Riders

Along with the typical annuity charges, many insurers offer investors the option to purchase additional features, called riders, with their variable annuities (and other annuity types). Riders can be very popular due to their advertised benefits, but usually come with additional fees. These added variable annuity fees can eat into annuity returns, so be careful to weigh the potential benefits riders provide relative to their costs.

Annuity riders generally fall into one of two categories:

As you might expect, these correspond to whether the protection goes into effect during your lifetime or after you pass away.

Another important note: Individual annuity providers may call these riders different names or define them differently. Above all, remember that you may only truly know what’s offered by thoroughly reading an annuity’s contract and any associated riders’ contracts. These contracts can be long and full of legalese, but don’t let that deter you. Not reading carefully means you could be stuck with less than beneficial results for a long time. Annuities can be difficult to get out of without a financial penalty. Riders add another layer to the standard variable annuity fees and the fees of most other types of annuities.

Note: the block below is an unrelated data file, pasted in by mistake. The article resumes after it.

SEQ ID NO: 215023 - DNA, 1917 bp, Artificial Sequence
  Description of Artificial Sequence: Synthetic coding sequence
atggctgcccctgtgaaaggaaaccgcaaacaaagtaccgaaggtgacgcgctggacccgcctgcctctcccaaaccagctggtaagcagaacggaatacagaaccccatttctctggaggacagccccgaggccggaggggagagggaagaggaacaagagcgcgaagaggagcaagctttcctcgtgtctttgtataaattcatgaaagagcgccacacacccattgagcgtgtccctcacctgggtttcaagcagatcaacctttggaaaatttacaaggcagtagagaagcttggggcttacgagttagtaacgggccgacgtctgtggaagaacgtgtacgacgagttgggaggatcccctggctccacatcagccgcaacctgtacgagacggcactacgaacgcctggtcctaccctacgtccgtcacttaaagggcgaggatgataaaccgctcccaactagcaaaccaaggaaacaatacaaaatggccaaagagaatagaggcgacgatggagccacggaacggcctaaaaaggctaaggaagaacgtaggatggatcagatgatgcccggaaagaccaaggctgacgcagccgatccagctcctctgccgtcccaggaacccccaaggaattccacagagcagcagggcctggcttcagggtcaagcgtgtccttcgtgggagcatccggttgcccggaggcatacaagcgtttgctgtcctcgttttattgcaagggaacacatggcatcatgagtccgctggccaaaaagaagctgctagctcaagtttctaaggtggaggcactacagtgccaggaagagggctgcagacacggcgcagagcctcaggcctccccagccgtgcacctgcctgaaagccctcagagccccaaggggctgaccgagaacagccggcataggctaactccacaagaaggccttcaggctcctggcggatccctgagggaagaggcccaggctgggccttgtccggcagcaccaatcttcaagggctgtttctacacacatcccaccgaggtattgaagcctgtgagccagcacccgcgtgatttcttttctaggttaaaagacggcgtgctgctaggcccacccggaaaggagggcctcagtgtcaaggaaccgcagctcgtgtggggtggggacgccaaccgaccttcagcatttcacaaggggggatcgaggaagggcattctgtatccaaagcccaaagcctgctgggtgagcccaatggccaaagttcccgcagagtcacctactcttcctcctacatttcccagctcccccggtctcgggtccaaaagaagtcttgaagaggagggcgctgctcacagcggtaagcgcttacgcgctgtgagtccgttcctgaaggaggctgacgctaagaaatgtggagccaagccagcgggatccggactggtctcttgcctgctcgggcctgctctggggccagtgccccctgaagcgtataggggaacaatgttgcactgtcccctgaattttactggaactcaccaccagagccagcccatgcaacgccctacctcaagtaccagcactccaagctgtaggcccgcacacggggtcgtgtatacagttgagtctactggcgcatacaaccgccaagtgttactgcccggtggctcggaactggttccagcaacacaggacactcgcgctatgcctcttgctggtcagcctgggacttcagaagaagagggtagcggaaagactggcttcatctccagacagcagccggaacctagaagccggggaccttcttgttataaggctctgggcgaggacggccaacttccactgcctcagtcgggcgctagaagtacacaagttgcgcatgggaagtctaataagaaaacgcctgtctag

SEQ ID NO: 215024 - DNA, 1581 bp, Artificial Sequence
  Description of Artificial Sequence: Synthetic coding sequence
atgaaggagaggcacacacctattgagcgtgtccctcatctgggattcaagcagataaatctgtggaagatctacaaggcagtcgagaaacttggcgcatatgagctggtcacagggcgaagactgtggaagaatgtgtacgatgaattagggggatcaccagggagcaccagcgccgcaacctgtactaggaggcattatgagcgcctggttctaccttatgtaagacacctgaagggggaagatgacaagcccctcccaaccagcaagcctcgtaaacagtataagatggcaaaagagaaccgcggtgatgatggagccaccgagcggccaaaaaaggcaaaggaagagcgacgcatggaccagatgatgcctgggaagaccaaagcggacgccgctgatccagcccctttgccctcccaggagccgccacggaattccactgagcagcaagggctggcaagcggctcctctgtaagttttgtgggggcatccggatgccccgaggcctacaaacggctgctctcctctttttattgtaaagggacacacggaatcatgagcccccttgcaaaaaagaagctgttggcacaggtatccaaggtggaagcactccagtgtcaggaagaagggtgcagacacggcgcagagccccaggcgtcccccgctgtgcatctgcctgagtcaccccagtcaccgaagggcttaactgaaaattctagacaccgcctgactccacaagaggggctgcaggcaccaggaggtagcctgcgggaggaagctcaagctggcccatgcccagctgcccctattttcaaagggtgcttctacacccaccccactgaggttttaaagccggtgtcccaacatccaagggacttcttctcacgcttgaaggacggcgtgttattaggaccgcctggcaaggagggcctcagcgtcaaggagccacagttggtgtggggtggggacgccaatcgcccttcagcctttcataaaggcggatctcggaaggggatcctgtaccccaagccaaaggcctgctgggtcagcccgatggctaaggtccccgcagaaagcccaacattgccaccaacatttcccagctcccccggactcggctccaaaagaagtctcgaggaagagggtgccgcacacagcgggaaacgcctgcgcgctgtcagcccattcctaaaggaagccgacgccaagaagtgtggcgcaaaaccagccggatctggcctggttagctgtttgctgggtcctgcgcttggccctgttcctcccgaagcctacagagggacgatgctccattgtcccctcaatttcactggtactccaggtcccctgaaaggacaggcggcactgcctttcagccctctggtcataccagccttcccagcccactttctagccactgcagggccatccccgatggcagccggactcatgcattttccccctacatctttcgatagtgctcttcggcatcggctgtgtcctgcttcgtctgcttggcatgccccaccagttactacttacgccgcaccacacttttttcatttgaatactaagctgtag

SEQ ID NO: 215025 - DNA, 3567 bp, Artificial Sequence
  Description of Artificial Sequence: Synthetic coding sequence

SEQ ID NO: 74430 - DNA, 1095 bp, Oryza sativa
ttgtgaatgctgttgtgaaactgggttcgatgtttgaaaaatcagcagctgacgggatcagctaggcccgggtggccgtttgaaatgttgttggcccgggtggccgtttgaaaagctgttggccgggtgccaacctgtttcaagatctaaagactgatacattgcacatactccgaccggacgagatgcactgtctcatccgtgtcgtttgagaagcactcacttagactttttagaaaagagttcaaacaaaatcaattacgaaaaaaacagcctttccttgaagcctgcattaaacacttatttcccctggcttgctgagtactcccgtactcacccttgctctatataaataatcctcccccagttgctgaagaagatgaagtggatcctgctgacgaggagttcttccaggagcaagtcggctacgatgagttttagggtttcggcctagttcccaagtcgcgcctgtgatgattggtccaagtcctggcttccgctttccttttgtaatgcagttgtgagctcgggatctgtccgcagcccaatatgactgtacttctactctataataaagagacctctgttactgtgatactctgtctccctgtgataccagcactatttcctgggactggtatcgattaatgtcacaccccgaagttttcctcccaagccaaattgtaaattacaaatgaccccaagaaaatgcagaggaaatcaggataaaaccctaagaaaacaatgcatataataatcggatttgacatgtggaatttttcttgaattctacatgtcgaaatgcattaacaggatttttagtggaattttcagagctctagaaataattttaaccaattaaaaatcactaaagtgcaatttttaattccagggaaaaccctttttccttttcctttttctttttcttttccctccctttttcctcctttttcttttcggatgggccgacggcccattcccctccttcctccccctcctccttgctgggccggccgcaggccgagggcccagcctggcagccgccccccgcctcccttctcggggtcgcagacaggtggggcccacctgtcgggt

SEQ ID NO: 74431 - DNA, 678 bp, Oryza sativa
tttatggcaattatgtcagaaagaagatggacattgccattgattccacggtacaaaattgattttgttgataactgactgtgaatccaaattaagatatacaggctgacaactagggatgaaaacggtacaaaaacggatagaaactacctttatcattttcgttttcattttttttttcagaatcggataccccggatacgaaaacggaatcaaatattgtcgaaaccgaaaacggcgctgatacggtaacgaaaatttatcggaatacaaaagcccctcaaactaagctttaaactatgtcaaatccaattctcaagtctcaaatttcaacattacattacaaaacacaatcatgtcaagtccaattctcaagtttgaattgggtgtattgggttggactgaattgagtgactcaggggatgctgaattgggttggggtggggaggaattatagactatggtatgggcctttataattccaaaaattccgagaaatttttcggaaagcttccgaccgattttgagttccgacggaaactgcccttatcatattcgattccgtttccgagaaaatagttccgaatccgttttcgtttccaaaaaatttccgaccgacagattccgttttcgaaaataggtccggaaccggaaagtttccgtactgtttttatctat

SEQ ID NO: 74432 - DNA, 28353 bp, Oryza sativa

Some common variable annuity riders for living benefits include:

  • Guaranteed lifetime withdrawal benefits (GLWB). This rider can provide you a guaranteed income stream lasting your entire life, even if your principal would otherwise have been depleted. Depending on the contract terms, you could withdraw a certain percentage of the total account as income each year without annuitizing the contract and beginning to receive payments.
  • Guaranteed minimum withdrawal benefits (GMWB). This rider can offer a guaranteed minimum income stream, but only over a pre-determined period—typically over the contract’s term or until the total amount paid equals the principal value. However, it is important to remember that the purchasing power of this money may be less than when it was deposited due to inflation.